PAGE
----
The next chapter begins at the American Fort Cahaill.  The last of the soldiers have been killed and the Nazi zombies are crewing the tanks under Von Raddel's control. While the Haunted Tank's crew get inside, no mean feat when one is fat and the other a paraplegic, Jason demands to know from Etrigan what he wants with, "four geriatrics and an obselete tank." Etrigan says you need magic to fight magic and he can't destroy the Nazi zombies on his own.  Angrily Jason says the words and Etrigan manifests. 
Jason is unhappy as usual.
Back at Fort Cahill, Von Raddel lays out his plans after Bergen tells him of the support he has in Europe.  The plan is to take out the Americans so they won't intervene when they rise up and take control of Europe.  They will travel to Washington DC, and turn it into rubble.  With Washington DC razed, the US will become isolationist and "will not heed Europe's call for help."  He puts on a headset which connects him to all the vehicles and tells them to start moving.

Etrigan is waiting for the fuel trucks which are traveling by road while the tanks roll across the desert.

Etrigan: "' Deutchsland uber alles' eh?  We'll find out if that's true today! This might wreck their well-laid plan. This demon fights for Uncle Sam."

He sees off an attack by some of the zombies following on foot. Then we join Jeb and the gang in the Haunted Tank rattling across the desert.

They come across Etrigan and are freaked out, but The General says Etrigan is on their side.  Etrigan points out the fuel tanks to them and so they will target them first.   Between the shelling from the Haunted Tank and Etrigan's fire breath, the fuel tanks don't stand a chance and explode.

Bergen and Von Raddel are waiting at the refueling rendevous point and Von Raddel looks for them with a telescope and sees their smoking remains.  He finds a town close by they can refuel at, and also kill everyone living there because he's in a bad mood.  He spots Etrigan laughing his head off and says he can deal with him, he summons the devil folk of "infernal valhalla" and the ground opens up under Etrigan and he is pulled down. The Haunted Tank crew are on their own and only they can save the town.  "Mount up" says Jeb.
Dragged to Nazi Hell.
The General says he'll go and get Etrigan back, while they take on the Nazi zombies.  Etrigan is nailed to a giant swastika in a special "Nazi hell!".  The "Aryan Inferno" ruled by those who "preach the Gospel of Hate."  They protect those who fight under the swastika.

Back on Earth the zombie crewed tanks fire upon the Haunted Tank but all miss.   They are lined up in a neat row, and approaching them under cover of all the smoke, the Haunted Tank drives up a ledge and her crew drive it over the Nazi tanks with Jeb dropping grenades inside each one as they go blasting them apart from the inside.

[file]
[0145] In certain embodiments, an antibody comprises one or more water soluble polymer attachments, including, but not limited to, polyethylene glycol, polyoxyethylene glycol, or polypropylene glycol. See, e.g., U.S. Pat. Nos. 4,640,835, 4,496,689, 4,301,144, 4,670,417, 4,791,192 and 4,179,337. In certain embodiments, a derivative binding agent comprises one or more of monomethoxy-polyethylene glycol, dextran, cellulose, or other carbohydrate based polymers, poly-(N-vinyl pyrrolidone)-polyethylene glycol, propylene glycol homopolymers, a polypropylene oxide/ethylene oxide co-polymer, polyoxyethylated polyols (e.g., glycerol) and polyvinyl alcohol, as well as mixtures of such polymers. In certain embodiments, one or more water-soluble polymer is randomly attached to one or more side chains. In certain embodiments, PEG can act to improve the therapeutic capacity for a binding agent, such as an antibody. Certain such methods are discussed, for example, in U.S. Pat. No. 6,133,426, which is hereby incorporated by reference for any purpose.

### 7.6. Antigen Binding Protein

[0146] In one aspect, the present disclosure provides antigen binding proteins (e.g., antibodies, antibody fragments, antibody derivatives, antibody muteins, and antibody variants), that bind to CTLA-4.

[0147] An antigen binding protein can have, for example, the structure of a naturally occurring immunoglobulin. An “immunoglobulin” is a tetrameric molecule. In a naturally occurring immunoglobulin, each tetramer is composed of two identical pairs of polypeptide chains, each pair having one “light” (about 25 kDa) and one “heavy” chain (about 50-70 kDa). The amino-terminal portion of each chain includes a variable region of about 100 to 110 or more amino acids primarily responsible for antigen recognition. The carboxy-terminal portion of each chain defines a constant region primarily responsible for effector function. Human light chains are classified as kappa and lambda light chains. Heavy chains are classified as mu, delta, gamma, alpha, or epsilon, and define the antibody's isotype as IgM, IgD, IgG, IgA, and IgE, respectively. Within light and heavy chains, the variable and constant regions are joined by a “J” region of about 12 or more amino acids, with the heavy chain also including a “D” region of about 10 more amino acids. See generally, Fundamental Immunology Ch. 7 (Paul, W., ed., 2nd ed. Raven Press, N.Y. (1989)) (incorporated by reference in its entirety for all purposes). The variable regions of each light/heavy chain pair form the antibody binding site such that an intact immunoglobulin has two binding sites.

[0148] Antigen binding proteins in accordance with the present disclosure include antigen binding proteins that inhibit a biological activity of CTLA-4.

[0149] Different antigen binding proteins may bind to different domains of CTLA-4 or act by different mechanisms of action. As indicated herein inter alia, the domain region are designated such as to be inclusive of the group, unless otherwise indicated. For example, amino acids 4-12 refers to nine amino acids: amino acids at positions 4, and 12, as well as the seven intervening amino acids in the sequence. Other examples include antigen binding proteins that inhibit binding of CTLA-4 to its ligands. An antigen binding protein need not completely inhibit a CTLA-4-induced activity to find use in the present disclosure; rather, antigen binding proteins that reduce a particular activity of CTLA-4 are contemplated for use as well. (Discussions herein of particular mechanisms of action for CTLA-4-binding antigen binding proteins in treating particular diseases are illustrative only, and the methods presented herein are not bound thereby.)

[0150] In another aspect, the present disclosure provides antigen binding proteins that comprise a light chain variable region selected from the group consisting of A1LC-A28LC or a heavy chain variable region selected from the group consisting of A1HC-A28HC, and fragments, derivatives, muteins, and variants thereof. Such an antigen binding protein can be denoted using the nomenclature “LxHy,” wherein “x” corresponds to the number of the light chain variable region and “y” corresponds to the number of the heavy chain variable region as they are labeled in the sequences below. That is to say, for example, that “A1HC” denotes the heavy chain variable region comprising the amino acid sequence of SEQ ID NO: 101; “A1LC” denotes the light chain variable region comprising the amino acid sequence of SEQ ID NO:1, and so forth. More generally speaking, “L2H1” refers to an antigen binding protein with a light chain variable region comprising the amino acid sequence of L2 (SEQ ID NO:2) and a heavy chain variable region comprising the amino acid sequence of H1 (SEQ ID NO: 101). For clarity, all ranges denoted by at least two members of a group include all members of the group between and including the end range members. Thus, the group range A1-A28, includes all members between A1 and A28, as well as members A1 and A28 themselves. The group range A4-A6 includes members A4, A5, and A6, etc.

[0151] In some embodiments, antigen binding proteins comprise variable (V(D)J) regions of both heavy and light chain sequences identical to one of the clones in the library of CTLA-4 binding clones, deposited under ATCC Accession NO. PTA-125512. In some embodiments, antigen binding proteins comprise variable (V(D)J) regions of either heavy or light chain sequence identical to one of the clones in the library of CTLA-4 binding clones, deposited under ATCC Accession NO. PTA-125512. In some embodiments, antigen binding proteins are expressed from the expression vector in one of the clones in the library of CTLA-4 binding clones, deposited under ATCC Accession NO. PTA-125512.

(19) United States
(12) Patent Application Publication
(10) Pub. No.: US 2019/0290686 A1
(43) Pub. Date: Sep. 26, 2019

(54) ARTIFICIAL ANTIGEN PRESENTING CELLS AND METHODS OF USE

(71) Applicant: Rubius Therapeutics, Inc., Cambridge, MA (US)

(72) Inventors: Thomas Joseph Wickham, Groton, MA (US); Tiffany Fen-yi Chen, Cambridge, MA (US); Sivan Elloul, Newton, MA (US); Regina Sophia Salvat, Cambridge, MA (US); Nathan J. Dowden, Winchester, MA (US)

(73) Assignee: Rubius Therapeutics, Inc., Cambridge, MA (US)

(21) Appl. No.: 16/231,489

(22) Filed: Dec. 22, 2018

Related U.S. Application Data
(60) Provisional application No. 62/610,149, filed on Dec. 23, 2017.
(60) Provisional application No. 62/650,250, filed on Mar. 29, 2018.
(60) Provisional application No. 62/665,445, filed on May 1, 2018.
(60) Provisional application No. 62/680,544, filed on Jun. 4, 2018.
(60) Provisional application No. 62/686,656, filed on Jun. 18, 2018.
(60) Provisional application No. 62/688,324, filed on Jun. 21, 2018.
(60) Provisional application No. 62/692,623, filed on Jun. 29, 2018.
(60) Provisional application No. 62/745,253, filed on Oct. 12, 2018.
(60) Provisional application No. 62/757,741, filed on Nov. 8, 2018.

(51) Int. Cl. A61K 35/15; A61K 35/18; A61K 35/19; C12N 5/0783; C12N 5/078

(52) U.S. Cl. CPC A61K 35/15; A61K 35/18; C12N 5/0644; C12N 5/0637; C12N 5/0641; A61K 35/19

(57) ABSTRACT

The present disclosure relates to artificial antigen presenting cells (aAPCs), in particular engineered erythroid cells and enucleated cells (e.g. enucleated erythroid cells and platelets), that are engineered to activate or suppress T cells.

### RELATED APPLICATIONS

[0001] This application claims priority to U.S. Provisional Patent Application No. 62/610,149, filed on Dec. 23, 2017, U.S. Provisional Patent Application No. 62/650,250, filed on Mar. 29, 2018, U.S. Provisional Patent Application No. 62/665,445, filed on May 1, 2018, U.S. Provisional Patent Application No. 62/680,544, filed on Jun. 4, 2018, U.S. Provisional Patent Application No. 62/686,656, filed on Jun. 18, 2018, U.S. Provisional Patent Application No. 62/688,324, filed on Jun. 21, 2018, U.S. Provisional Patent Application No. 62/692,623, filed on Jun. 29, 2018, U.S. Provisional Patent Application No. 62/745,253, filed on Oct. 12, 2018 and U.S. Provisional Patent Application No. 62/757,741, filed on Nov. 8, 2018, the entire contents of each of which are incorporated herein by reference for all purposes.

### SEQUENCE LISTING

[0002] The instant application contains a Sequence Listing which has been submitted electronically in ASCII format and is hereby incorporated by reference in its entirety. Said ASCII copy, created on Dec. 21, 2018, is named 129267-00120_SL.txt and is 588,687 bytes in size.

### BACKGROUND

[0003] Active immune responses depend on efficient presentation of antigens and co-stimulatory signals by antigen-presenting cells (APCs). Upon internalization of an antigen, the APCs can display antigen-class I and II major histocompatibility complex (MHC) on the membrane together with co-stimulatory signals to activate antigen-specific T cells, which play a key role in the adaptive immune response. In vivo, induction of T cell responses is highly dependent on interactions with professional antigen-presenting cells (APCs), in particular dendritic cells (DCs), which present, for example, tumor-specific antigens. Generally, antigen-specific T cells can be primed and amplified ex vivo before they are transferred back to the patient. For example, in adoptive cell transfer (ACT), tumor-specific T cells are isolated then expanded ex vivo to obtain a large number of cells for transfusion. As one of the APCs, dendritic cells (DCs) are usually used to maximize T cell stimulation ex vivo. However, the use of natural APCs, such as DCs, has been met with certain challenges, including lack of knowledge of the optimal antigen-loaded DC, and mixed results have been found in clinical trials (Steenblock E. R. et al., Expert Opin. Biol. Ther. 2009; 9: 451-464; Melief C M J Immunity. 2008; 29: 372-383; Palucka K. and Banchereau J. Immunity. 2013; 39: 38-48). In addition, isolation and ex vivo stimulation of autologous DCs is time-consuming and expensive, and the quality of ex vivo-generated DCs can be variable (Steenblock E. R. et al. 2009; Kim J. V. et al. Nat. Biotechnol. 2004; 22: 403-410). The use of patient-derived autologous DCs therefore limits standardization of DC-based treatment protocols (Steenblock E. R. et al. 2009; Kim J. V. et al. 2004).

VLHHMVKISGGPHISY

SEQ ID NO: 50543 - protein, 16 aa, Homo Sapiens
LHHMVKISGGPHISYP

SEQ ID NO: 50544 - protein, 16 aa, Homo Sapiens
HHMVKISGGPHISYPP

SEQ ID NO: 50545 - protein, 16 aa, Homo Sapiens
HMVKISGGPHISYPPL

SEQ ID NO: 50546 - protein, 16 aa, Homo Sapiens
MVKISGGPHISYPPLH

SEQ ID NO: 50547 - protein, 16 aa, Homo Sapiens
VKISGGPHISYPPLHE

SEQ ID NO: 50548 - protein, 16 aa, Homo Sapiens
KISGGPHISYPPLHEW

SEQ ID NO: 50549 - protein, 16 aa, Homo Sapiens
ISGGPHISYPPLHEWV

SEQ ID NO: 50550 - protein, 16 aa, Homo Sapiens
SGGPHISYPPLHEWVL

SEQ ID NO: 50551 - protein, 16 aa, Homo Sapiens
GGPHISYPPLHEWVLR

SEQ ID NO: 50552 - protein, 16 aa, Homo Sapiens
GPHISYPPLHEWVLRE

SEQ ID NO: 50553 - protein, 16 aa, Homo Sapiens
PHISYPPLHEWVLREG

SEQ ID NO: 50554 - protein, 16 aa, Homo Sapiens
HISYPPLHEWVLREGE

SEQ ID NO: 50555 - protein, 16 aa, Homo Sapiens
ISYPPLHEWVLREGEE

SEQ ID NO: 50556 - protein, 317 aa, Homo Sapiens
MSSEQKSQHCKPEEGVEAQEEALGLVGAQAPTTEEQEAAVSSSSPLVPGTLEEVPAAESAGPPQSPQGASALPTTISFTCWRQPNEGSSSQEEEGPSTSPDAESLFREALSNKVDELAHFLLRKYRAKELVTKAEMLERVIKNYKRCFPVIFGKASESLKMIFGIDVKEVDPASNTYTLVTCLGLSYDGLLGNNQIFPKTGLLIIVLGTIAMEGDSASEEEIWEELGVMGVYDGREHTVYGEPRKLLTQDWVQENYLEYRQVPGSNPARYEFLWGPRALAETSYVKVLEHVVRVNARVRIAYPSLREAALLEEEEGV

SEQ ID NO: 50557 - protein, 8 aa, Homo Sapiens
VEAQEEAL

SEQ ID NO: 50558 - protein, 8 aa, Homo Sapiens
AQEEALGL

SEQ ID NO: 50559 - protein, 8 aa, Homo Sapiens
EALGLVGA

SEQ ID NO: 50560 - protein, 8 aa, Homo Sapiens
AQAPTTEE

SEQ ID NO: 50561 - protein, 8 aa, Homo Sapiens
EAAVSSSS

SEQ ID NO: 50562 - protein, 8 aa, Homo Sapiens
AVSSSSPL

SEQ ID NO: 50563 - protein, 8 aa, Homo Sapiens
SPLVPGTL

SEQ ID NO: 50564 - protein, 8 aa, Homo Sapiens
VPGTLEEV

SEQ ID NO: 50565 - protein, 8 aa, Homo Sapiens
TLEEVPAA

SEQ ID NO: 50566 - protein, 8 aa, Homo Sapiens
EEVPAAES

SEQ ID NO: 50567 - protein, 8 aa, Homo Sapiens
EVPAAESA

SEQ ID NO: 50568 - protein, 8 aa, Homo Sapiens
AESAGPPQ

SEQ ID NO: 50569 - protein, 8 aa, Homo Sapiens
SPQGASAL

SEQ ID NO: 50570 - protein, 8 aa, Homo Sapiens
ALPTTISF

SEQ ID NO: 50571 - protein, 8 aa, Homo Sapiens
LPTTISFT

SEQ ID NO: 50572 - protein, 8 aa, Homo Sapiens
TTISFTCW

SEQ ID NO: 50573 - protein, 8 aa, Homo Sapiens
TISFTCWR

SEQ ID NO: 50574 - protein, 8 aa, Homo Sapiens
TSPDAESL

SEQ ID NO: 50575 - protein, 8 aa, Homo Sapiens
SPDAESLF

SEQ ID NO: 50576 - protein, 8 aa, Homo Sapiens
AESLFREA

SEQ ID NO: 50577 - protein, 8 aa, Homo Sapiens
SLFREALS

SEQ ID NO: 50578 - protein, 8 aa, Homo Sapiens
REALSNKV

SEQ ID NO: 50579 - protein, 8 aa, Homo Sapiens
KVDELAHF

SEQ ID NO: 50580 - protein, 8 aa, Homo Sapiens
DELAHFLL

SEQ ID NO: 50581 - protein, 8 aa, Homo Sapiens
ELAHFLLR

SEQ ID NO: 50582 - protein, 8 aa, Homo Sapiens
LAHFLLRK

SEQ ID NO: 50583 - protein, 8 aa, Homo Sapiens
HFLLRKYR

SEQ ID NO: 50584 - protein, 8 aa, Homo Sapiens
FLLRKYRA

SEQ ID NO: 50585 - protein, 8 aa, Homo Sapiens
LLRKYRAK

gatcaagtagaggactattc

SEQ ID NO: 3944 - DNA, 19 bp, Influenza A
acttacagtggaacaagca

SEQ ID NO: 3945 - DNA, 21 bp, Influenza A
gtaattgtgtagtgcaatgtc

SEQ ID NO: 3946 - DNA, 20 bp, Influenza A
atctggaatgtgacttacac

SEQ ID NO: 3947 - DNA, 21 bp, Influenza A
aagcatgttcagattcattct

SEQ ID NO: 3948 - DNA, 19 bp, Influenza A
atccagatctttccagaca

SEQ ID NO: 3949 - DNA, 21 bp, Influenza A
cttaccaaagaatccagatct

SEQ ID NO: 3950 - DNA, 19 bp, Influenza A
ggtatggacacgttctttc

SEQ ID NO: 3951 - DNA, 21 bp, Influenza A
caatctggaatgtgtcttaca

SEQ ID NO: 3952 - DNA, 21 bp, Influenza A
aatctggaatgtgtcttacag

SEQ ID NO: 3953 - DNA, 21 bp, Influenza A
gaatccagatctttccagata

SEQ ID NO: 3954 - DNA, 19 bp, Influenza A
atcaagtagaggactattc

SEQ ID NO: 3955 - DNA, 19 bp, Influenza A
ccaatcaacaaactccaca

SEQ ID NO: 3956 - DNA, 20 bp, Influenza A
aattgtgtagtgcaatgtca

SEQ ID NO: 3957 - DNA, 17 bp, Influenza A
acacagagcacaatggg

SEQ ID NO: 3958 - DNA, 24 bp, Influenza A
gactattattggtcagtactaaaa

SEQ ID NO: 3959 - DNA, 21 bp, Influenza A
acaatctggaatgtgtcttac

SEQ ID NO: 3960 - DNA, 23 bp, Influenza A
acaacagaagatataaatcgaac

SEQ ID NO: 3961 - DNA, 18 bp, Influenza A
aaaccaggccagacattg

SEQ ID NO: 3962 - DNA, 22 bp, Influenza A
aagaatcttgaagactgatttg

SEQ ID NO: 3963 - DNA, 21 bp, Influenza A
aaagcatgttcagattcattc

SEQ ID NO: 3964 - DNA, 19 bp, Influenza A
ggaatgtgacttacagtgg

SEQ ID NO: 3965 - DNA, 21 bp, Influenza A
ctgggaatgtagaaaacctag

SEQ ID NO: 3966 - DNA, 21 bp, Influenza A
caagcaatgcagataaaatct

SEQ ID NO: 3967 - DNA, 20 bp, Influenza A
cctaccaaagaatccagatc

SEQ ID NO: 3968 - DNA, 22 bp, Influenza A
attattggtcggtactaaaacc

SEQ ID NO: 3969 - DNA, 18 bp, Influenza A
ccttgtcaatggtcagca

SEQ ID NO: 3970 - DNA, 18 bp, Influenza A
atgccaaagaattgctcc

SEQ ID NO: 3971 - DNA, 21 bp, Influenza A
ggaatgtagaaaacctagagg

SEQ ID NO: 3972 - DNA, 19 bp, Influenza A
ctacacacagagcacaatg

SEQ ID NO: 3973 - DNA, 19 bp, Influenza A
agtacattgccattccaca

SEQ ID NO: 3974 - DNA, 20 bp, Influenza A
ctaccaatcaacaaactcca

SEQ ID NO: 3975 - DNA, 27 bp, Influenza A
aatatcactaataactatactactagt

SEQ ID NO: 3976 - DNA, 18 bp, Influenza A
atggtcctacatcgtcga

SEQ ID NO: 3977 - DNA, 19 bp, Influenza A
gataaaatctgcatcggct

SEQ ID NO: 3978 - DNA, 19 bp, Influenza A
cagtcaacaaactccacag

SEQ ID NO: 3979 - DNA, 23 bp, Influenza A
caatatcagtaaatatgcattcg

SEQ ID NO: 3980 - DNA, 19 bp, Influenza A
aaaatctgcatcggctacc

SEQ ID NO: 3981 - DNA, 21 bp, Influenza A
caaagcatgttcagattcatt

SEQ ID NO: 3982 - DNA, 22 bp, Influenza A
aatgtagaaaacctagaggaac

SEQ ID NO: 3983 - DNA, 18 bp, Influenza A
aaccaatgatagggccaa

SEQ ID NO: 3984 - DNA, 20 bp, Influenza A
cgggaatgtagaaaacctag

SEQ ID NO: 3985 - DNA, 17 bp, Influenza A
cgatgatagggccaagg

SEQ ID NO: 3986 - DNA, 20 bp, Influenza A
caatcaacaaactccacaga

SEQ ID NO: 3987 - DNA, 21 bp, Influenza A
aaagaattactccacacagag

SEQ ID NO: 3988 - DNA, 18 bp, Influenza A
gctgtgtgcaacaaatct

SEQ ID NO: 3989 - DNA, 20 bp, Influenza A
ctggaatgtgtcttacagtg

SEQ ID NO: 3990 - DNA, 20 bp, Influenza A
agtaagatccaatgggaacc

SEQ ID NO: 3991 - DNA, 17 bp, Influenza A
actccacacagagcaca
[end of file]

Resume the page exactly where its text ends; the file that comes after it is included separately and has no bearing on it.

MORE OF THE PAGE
Von Raddel screams at the zombies to destroy it and they fire but hit each other because zombies are pretty stupid.  Bergen stays out of the way next to the truck that is full of napalm, saying to himself "this is a nightmare."  The Haunted Tank keeps jinking and the Nazis keep missing it.
Unconventional tanktics.
Down in Nazi hell, the leader wants to know why Etrigan wars on them. They split humanity apart and make them blame each other for their weaknesses, "for what shall it profit a man, if he shall gain the whole world... and then have no one to spit upon."  Etrigan just tells them to "credit me with some bloody taste" than to ally with them.  Then the General comes to the rescue.

He fights the Nazi demons as Etrigan pulls himself free of the nails holding him. Etrigan punches they leader then grabs him by the neck and nails exactly how pathetic they are, he says they are not the Kings of Hate, because:

Etrigan: "This is the thrust behind thy ranting: 'He's brown! She's red! His eyes are slanting!' 'Thank god we're better off than her! Those foreigners are worse than curs!' ' My life's become a pile of crap  - it's that guy's fault for being black!' ' They come over here and take out jobs!' 'Of course they do you lazy slobs!' Let Etrigan show you the light:  That isn't hate... it's naught but spite".

And he rips the demon leader's head right off. Then he climbs onto the back of The General's horse and they depart Nazi hell back to the war going on in a Texas desert.
The General to the rescue.
Von Raddel spots Etrigan's back and has a tank fire on him.  Etrigan survives of course although partly torn in half.  He climbs into the napalm truck, and kicks Bergen out so hard he takes the door with him. Then he drives it into the remaining tanks and they all explode with an earth shattering kaboom.

The Haunted Tank has become stuck and the crew are staring to bail, but one is stuck and the other needs someone to carry him.  Von Raddel in the last tank bears down on them, they only have one shot, but they make it count and Von Raddel's tank is destroyed although Von Raddel is thrown clear, which allows Jeb to finish him off with the machine gun.
'Tis but a fleshwound.
They then get out of the tank at their leisure and meet up with Etrigan who congratulates them on sending the Nazi's back to hell, "and though 'tis time to end our story.  I'll never forget our haunted glory".  He tells them to hold their heads up high and they leave the Haunted Tank in the desert quickly covered up in drifting sand so no one can claim it for scrap: